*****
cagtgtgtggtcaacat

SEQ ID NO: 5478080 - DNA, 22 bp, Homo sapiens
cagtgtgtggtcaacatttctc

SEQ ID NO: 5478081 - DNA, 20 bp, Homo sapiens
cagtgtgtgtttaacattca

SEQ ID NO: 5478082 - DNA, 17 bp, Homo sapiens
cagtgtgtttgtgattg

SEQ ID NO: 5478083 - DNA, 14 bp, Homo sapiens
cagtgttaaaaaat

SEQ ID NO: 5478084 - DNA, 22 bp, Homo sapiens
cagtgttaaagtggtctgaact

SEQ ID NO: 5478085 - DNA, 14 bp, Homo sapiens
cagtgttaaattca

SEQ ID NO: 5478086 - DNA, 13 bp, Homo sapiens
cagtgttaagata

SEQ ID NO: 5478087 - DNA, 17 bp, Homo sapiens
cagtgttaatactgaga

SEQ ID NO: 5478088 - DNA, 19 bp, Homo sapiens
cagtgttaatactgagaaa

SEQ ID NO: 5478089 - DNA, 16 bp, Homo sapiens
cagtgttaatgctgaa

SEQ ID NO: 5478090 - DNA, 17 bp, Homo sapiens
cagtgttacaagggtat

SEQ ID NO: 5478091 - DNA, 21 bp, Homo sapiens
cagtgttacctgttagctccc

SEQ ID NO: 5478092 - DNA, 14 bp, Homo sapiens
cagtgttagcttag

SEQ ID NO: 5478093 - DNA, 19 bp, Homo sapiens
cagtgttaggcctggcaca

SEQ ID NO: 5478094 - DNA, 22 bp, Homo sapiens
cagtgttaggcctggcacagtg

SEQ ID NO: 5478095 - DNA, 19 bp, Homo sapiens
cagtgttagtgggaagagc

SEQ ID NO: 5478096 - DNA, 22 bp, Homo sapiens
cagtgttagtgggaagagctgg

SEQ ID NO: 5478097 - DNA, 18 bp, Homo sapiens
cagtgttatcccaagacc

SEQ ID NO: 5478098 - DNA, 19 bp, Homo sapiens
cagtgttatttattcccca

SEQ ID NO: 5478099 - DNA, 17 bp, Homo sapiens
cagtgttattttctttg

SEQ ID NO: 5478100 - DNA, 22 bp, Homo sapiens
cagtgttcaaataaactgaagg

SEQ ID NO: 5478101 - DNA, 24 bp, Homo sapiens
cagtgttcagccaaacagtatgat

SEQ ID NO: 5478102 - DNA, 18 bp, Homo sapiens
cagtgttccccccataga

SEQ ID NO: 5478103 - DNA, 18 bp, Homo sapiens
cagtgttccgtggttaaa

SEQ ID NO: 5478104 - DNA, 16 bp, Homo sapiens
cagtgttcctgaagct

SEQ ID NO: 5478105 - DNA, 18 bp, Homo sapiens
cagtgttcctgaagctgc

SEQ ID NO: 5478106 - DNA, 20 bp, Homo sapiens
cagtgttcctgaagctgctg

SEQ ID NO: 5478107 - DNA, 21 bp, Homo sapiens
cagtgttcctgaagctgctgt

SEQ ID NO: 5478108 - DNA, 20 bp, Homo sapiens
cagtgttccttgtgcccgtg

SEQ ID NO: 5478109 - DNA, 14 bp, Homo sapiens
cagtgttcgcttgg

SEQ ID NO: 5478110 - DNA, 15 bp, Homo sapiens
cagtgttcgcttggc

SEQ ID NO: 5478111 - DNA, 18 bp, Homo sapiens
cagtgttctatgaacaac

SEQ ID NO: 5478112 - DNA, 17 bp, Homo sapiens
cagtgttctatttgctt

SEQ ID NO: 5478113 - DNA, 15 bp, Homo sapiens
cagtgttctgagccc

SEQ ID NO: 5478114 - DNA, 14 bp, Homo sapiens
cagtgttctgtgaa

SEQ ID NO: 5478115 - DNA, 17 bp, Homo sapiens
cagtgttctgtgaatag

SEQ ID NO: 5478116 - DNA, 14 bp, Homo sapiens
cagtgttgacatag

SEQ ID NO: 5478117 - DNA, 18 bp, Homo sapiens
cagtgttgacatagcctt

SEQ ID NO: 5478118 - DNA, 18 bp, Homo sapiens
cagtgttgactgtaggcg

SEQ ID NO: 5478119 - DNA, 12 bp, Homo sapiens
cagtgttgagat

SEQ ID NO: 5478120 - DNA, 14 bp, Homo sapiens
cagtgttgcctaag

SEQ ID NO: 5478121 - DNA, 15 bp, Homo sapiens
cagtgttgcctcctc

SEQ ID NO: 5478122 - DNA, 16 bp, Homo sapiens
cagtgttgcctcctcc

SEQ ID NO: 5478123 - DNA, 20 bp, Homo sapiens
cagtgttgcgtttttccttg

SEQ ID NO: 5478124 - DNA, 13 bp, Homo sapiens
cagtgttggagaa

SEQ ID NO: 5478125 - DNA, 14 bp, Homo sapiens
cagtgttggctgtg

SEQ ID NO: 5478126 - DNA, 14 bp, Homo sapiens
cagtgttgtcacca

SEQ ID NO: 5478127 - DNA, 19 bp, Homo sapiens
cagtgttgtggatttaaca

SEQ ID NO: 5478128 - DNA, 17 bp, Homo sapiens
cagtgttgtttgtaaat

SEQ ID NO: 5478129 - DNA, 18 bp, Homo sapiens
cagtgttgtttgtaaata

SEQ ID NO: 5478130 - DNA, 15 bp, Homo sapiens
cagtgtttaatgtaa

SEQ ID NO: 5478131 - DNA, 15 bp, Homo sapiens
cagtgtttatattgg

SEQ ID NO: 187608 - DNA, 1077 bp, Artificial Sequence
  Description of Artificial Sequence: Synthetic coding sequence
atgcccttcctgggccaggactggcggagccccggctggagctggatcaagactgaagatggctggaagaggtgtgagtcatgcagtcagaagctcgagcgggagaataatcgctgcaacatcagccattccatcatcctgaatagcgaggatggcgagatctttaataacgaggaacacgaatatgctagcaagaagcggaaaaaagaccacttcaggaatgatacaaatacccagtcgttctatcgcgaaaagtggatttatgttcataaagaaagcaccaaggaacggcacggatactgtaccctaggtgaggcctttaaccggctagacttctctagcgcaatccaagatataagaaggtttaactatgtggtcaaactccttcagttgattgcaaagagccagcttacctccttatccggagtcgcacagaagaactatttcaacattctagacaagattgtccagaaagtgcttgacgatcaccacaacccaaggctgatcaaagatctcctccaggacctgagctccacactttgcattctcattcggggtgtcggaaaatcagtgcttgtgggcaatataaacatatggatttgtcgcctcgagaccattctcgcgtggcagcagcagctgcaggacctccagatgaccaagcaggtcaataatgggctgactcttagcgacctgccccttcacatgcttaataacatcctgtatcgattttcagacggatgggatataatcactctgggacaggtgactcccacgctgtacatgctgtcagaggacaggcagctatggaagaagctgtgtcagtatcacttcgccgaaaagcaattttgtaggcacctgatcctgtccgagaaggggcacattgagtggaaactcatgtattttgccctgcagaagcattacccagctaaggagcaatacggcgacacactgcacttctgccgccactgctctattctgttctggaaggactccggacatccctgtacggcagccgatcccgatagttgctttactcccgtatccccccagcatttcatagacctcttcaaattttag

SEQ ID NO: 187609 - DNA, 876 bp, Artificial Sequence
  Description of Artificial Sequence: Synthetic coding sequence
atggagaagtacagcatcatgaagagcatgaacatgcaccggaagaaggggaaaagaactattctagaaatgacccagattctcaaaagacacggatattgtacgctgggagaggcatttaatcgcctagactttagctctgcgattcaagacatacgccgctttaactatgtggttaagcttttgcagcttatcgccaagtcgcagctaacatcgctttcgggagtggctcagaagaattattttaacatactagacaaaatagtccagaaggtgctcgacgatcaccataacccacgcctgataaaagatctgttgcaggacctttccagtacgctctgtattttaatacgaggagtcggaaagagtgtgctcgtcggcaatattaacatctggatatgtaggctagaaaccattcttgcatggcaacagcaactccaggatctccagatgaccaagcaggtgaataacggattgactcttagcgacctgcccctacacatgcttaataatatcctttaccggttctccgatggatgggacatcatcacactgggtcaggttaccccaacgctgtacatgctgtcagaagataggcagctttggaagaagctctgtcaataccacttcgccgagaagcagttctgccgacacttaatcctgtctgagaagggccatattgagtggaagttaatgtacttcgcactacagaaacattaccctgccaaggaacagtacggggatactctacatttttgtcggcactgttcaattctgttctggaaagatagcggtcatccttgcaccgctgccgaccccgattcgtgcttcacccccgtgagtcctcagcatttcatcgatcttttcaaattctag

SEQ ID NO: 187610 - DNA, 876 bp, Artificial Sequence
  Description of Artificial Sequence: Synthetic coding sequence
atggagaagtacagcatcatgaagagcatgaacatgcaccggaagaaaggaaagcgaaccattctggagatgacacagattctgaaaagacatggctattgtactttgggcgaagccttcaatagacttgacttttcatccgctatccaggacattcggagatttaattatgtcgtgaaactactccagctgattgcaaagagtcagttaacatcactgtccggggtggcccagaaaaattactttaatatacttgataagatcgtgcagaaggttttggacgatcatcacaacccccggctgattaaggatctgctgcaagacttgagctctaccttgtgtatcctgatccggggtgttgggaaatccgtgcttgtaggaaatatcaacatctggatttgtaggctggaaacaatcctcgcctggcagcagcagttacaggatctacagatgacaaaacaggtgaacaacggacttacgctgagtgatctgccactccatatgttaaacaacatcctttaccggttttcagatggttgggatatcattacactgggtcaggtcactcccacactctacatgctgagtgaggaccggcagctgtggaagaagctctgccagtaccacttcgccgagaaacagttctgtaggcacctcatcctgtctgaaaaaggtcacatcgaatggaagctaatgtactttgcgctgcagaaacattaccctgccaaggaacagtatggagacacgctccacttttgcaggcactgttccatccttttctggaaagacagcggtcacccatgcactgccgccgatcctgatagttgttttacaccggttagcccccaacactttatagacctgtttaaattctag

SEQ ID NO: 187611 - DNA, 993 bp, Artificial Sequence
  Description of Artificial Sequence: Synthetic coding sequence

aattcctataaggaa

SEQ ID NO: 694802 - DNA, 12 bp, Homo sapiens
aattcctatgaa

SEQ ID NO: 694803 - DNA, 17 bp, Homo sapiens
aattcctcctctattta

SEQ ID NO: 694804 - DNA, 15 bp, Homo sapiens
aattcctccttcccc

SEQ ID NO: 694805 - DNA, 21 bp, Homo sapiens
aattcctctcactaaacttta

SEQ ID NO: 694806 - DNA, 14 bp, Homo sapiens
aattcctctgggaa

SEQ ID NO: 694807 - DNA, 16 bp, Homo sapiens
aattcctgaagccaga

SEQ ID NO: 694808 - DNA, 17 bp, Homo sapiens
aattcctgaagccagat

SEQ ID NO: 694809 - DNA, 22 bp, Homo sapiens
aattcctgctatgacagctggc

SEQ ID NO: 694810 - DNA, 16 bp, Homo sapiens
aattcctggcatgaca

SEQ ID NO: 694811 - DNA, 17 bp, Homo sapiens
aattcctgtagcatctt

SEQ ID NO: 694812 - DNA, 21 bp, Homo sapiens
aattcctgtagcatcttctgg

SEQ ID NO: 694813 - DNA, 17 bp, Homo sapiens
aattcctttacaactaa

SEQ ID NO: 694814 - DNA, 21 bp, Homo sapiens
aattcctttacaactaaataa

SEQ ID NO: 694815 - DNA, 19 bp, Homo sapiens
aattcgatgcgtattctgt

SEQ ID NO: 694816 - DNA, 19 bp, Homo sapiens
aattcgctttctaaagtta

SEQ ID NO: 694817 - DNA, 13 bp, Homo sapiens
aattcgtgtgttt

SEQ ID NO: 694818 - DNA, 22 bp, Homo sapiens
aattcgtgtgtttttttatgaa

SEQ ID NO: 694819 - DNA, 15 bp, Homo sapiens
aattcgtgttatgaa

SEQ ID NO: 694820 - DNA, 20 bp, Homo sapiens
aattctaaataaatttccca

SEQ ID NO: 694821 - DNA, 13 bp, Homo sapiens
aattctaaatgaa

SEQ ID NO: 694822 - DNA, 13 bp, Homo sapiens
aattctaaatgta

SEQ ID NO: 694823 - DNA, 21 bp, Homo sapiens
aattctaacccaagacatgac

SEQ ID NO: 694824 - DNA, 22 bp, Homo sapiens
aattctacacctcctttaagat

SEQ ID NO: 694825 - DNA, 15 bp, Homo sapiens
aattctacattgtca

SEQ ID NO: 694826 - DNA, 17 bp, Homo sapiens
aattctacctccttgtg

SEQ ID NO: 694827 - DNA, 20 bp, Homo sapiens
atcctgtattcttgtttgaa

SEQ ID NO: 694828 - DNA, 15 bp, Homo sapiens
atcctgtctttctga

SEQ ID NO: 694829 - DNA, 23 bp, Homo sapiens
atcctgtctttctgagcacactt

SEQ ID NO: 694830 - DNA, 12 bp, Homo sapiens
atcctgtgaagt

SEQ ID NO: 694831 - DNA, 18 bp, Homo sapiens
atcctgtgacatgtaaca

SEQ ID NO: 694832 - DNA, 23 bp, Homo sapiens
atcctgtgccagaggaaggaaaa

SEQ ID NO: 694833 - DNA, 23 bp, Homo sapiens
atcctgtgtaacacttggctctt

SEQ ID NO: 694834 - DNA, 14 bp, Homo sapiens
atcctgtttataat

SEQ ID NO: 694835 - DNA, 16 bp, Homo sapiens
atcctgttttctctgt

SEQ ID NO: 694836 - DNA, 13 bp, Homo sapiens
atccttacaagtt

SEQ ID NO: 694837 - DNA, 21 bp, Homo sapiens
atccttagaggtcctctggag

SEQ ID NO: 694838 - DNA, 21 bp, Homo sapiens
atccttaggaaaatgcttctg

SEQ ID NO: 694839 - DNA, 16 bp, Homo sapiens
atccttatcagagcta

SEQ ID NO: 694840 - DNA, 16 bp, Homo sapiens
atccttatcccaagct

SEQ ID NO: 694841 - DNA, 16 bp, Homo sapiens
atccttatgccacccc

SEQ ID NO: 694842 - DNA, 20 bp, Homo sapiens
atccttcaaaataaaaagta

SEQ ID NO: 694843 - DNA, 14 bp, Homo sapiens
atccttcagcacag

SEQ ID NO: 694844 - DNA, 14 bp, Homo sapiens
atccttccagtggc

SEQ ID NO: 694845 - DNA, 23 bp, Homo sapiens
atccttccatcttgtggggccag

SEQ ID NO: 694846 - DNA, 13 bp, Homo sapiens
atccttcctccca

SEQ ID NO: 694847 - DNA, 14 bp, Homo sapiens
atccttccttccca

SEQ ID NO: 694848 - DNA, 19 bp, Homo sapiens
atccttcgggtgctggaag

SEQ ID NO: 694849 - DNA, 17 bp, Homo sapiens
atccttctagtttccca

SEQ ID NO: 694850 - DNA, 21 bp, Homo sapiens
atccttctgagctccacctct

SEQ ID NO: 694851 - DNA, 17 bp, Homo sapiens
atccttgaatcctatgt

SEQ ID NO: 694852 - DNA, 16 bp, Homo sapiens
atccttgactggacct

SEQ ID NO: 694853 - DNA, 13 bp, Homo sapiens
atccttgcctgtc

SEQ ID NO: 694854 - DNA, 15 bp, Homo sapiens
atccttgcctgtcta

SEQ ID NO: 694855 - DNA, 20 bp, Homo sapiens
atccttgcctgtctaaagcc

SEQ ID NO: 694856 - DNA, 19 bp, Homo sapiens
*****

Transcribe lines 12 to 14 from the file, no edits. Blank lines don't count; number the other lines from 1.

SEQ ID NO: 5478085 - DNA, 14 bp, Homo sapiens
cagtgttaaattca

SEQ ID NO: 5478086 - DNA, 13 bp, Homo sapiens